Saturday, 04 December 2021 08:13 GMT

UAE’s future as a financial hub hinges on implementing lessons from the past


(MENAFN- MENAFN.COM)

The United Arab Emirates has launched a full-throated campaign to become one of the world’s premiere financial centres, rolling out some 50 economic initiatives aimed at attracting at least $150 billion in overseas investment in the next nine years. As well as targeting key partnerships with a number of established and fast-growing economies around the world, the country is also looking to make itself more appealing to foreign talent by relaxing its stringent residency laws.

 

Encouragingly, the Emirati government also appears to have realized that a strong regulatory and judicial framework is essential in attracting investment and has taken several positive steps in that direction. However, the shadow of the ongoing investigation into the spectacular collapse of the Dubai-based Abraaj fund still looms large over the country and the Emirates will need to make a special effort to ensure that there is full accountability for one of the biggest financial scandals of recent years. For the Gulf state to truly realize its international economic ambitions, it must guarantee that the likes of Abraaj will never happen again.

 

Bold beginnings

 

The UAE’s ‘Projects of the 50’ programme has been launched to coincide with the nation’s Golden Jubilee – and it’s certainly ambitious in its outlook. As well as drawing in at least $150 billion in investment by 2030, the country is also aiming to increase its investment outflows by 14% by the same date. The government have thrown themselves headlong into the scheme, signing a flurry of deals and agreements in the last few weeks alone.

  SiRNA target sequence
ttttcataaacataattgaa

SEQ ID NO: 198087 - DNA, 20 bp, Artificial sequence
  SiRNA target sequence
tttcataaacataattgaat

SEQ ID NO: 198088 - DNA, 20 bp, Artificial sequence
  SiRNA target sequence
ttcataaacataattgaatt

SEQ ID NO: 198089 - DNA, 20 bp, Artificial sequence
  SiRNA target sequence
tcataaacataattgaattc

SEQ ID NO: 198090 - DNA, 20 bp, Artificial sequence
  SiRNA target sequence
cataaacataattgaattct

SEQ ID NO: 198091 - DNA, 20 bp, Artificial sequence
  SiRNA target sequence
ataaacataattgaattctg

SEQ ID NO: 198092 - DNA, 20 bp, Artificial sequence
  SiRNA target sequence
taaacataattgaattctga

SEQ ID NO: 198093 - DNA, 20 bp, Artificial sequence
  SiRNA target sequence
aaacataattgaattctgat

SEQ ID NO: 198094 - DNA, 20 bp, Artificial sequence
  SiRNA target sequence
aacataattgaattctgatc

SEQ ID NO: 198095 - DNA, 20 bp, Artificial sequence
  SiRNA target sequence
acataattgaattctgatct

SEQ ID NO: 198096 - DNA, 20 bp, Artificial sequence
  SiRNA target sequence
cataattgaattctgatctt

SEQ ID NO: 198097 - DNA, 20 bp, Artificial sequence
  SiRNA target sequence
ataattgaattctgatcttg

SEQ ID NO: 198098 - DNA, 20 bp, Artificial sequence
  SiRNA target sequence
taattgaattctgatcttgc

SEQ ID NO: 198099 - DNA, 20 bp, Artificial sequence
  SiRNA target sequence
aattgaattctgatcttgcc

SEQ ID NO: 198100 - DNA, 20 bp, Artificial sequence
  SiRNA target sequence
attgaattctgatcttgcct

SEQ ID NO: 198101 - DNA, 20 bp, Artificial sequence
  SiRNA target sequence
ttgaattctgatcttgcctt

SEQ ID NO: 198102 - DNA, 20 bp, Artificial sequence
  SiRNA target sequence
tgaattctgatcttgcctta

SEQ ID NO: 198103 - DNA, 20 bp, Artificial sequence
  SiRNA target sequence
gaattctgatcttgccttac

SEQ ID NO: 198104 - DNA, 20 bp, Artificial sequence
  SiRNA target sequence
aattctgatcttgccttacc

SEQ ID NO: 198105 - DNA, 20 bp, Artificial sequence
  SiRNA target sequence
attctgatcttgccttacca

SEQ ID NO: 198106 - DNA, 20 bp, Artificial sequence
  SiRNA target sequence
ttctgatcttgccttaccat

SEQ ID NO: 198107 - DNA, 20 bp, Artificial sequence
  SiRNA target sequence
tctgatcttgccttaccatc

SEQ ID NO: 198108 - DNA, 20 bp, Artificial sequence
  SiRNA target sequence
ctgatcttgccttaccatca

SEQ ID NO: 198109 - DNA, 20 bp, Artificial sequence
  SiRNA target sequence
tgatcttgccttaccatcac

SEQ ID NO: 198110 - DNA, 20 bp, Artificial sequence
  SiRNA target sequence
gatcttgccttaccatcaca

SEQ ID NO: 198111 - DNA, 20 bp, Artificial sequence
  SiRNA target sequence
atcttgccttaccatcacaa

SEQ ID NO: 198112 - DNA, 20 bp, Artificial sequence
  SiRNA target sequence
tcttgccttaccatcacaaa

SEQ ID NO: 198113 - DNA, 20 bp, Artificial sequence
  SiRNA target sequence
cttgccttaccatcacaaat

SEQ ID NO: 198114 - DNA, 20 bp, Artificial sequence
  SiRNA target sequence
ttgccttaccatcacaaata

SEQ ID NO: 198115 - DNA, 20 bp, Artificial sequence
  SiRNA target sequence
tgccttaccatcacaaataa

In an attempt to strengthen ties with established economies, the UAE has already held high-level talks with the UK on trade and investment over the past month. That follows on from a pledge to pour almost $14 billion into promising British projects over the next five years. Abu Dhabi has also opened discussions with Seoul about enhancing cooperation with South Korea across several priority issues, including climate change, green energy and advanced technological solutions.

 

With regards to fast-developing economies, the UAE recently concluded negotiations with Indonesia to invest up to $10 billion in a range of sectors, while it is hoping to sign off on a similar deal with India that will purportedly double non-oil trade between the two nations to over $100 billion inside five years. It has also recently penned an agreement to promote mutual investments with Iraq. The UAE currently has more than 100 such arrangements in place with countries all over the globe, aimed at making the Emirati business environment more inviting for foreign investors.

 

On that note, the UAE has also introduced new visas for entrepreneurs and freelancers. With over 90% of its 9.1 million-population comprised of expatriates, the move is intended to entice and retain the most talented professionals in all industries to Emirati shores.

 

FDI dependent on conducive and accountable business climate